RE: Some perspective required ...14 Aug 2019 04:29
Also, I believe, uncertainty over Brexit makes all investors to sit and wait on sidelines. Nobody wants to commit large sums to the U.K. at this time. As a result, there are no shopping centers buyers, poor sentiment and ..... property valuations go down by a lot.
Brexit created a heaven for short sellers and hedge funds. Sooner the Brexit uncertainty gone, the better it is.
Just thinking, if one or more of intu loans breach covenants and, or there’s D4E swap. How would it work? Will it be likely based on property valuation at that time? If yes, then considering that current share price is only 15% of valuation equity, it’s not bad. Any thoughts please on D4E potential process?
RE: Some perspective required ...13 Aug 2019 15:29
On pound valuation and trade conditions. If there is a deal the pound would rise and that would help retailers to reduce costs, especially import costs in GBP terms. Intu would also benefit. If there is no deal, ..... well .... not sure:)
RE: Some perspective required ...13 Aug 2019 13:21
Intu must sell Spanish portfolio to lower the debt. Otherwise, we may reach some debt covenants.
The Spanish shopping centers are holding values very well now. Google search of Spanish news gives references to the sale process currently under way for Asturias and Puerto Venecia. These two are valued for about 425m Euros.
You are right, all Spanish centers are very good but intu are desperate for solid ash now
You are right, the valuations are just numbers that do not necessarily mean firm sale price.
However, if you take as an example Derby Shopping Centre, 50% of which was recently sold for about 185m pounds and apply its NIY to estimate the valuations of people other UK centers you would see that their valuations would come lower but not even 20% lower than H1 2019 valuations. Of course NIY may fall further and valuations would fall further also.
For myself I assumed December 2017 as a base peak and assumed that property valuations would drop by 45% . Following the simple calcs, the intu equity still comes to about 1 bn pounds vs current market valuation of less than 500m.
In respect to EPS, if EPS drops by half from FY 2018 of 14.2p to say half of that, it would still be 7p per share vs 35p share price (PE=5).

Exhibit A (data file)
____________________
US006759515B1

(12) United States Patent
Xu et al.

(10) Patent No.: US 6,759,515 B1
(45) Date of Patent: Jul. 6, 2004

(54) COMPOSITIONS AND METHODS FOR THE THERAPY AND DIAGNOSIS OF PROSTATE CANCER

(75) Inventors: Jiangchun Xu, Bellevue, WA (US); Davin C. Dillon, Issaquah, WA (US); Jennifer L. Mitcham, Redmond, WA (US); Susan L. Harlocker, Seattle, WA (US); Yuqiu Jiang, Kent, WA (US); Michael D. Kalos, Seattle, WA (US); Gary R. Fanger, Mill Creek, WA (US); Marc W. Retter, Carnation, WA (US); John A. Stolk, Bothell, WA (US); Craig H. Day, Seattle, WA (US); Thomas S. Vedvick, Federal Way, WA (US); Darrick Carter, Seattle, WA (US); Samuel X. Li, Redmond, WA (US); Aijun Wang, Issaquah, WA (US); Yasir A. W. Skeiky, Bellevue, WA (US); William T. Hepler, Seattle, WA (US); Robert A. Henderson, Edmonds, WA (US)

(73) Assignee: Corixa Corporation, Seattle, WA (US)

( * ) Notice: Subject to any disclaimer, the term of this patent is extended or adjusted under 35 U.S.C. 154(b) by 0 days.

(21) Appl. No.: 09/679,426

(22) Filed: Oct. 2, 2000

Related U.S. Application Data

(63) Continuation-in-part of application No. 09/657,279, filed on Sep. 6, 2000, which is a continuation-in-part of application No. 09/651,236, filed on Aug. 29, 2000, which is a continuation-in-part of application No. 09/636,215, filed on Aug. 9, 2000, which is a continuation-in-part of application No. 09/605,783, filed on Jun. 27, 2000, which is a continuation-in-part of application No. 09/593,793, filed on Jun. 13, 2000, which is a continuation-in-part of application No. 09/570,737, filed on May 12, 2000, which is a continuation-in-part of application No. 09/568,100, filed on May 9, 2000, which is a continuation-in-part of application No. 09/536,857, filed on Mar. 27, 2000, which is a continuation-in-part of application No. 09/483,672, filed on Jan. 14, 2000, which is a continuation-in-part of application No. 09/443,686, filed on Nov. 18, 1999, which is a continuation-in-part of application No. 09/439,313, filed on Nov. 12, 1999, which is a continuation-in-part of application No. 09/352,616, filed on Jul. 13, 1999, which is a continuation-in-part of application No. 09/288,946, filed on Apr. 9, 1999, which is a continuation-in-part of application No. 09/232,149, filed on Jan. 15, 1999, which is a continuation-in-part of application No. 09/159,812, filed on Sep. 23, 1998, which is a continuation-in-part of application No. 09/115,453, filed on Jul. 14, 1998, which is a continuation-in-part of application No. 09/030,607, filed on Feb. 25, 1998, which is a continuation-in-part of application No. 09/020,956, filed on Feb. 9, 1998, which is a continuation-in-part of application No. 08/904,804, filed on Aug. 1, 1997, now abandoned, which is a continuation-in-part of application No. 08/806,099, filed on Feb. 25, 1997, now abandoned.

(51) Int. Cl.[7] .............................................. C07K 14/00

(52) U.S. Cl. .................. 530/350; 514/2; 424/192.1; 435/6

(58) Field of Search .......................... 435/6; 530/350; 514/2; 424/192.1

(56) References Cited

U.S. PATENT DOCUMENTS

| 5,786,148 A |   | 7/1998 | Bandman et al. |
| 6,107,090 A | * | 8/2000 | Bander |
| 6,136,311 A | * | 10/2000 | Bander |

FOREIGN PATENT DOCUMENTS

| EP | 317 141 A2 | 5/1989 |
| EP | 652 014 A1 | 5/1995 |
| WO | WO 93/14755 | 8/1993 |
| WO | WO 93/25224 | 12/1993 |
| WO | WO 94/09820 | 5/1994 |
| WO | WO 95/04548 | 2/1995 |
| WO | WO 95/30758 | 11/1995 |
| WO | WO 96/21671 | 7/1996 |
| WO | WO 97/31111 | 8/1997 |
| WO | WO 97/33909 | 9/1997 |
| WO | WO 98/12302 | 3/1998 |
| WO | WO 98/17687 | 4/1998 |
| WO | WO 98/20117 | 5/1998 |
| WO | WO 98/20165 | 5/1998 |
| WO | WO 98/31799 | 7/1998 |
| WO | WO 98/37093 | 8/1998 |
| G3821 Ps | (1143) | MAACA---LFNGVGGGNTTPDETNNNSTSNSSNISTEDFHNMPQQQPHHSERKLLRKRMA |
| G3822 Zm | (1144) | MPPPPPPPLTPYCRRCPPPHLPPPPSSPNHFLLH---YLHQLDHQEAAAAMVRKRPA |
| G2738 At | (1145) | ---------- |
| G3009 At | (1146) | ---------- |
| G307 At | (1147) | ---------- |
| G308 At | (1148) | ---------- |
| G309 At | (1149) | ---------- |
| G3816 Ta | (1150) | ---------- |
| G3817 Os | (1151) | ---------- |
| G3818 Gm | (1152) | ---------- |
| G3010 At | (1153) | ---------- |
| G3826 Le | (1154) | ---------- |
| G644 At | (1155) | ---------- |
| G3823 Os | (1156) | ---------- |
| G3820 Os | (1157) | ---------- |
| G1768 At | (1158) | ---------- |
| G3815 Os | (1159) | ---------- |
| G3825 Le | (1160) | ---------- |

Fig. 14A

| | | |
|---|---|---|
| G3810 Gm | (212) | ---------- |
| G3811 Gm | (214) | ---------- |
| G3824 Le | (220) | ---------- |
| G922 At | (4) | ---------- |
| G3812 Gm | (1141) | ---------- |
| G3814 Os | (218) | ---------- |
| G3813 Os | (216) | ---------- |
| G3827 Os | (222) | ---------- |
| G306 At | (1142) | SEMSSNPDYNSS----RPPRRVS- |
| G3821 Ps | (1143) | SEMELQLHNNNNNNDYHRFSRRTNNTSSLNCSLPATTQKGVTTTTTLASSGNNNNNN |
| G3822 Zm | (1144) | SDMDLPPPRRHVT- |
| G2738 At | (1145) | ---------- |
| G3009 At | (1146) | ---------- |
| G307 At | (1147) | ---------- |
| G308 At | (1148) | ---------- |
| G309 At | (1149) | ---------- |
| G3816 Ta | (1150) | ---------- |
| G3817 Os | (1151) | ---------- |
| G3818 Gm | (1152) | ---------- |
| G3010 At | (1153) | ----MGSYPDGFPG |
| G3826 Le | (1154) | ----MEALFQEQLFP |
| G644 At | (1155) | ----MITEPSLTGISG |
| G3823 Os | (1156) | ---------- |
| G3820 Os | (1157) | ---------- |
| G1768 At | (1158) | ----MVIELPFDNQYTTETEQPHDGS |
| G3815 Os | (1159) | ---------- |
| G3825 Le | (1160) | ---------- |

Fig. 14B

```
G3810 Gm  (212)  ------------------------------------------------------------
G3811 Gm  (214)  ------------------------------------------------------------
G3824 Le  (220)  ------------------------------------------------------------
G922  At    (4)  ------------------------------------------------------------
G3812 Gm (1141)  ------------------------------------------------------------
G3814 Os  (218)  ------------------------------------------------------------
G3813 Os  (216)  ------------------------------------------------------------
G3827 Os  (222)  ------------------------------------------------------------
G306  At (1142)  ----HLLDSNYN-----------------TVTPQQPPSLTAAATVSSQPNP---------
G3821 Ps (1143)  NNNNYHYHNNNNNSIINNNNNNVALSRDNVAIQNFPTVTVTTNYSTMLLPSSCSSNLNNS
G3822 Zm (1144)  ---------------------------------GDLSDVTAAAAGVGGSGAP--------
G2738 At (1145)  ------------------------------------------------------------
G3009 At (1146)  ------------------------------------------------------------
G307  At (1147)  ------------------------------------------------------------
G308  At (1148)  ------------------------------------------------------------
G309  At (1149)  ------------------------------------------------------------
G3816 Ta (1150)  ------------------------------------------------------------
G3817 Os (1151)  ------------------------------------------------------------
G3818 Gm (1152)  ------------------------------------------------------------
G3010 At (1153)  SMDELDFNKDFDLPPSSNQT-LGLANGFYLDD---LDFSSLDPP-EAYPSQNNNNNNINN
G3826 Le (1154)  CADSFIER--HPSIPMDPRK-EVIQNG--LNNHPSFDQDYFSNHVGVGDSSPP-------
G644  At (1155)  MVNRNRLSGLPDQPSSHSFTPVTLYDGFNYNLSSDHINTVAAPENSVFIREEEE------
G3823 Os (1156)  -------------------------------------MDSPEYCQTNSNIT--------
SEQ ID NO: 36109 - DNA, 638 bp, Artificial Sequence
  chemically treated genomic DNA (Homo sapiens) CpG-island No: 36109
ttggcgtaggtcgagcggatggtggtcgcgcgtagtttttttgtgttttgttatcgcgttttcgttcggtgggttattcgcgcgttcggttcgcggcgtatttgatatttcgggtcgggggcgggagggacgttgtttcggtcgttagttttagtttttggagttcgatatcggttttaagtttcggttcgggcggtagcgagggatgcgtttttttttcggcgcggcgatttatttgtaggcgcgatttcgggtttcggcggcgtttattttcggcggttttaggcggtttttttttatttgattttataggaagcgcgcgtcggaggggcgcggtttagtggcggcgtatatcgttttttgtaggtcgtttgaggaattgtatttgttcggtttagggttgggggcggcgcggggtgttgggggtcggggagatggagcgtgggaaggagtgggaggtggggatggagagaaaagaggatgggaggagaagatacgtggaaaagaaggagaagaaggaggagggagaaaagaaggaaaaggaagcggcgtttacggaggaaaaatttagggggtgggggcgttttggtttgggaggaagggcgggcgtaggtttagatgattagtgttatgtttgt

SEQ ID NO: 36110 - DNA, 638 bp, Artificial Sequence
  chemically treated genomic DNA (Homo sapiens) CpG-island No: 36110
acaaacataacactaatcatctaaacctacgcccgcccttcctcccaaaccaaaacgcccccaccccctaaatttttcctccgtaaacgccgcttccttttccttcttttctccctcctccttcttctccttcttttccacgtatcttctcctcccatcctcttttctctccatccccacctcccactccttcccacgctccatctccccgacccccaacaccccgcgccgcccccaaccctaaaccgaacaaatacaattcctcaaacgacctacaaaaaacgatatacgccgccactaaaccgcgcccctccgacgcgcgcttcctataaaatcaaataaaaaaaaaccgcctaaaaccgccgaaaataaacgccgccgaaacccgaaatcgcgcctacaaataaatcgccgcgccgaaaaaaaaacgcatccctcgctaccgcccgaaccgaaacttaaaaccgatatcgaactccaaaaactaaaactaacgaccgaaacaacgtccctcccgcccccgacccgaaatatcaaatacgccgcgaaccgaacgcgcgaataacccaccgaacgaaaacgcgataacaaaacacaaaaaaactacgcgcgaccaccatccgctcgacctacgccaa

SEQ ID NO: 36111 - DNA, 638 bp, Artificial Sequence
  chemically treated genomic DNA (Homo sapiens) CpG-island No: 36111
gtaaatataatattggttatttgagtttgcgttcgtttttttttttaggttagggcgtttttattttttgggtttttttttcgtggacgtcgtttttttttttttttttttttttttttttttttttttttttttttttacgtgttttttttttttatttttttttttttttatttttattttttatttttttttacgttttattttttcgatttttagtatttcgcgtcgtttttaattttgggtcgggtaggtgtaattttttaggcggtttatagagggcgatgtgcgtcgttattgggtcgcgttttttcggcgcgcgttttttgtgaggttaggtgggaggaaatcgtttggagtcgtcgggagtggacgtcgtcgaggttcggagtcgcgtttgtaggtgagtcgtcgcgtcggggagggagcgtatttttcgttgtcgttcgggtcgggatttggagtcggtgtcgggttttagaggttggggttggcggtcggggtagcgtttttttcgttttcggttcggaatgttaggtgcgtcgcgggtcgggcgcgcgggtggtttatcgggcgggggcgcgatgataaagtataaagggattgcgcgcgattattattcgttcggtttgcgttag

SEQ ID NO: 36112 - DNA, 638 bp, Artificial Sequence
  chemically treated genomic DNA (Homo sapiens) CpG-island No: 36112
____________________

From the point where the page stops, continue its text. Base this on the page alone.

Maybe I don’t have enough knowledge, but I cannot see Debt for Equity swap for intu case because selling properties is much more attractive.
Another option is a big international player with access to cheaper finance buying intu on cheap. With low pound value, it’s even better. Note that big REITs in EU have financing (debt) costing less than 2% while intu now pays around 4.3%. It is good time buy Britain for cheap but Brexit certainty is preferred first
The market is pricing intu as if it is destined to administration or huge equity delusion. In the last two years or so, the value of intu’s UK shopping centers dropped by about 20-25%. This is a lot. It may not be the bottom yet, but I cannot see the valuation dropping by maximum 15% more. At the end, these are prime shopping centers in good locations, which are well invested and looked after. But share the price is trading at about 85% discount to H1 2019 valuations. No doubt, the debt should be lowered. I cannot see rights issue when they share price is so low. Luckily, intu has real tangible good properties. It just needs to sell few of them (whole Spanish portfolio and say part of Trafford Centre) and the share price should recover a lot. Also, many problems for retailers are connected to weak pound (as they import a lot of stuff). Once Brexit is out of way, hopefully, GBP will recover a bit and help retailers and ,in turn, to intu’s income and valuations. In short we need to sell some properties and get Brexit certainty. After that share price will go up.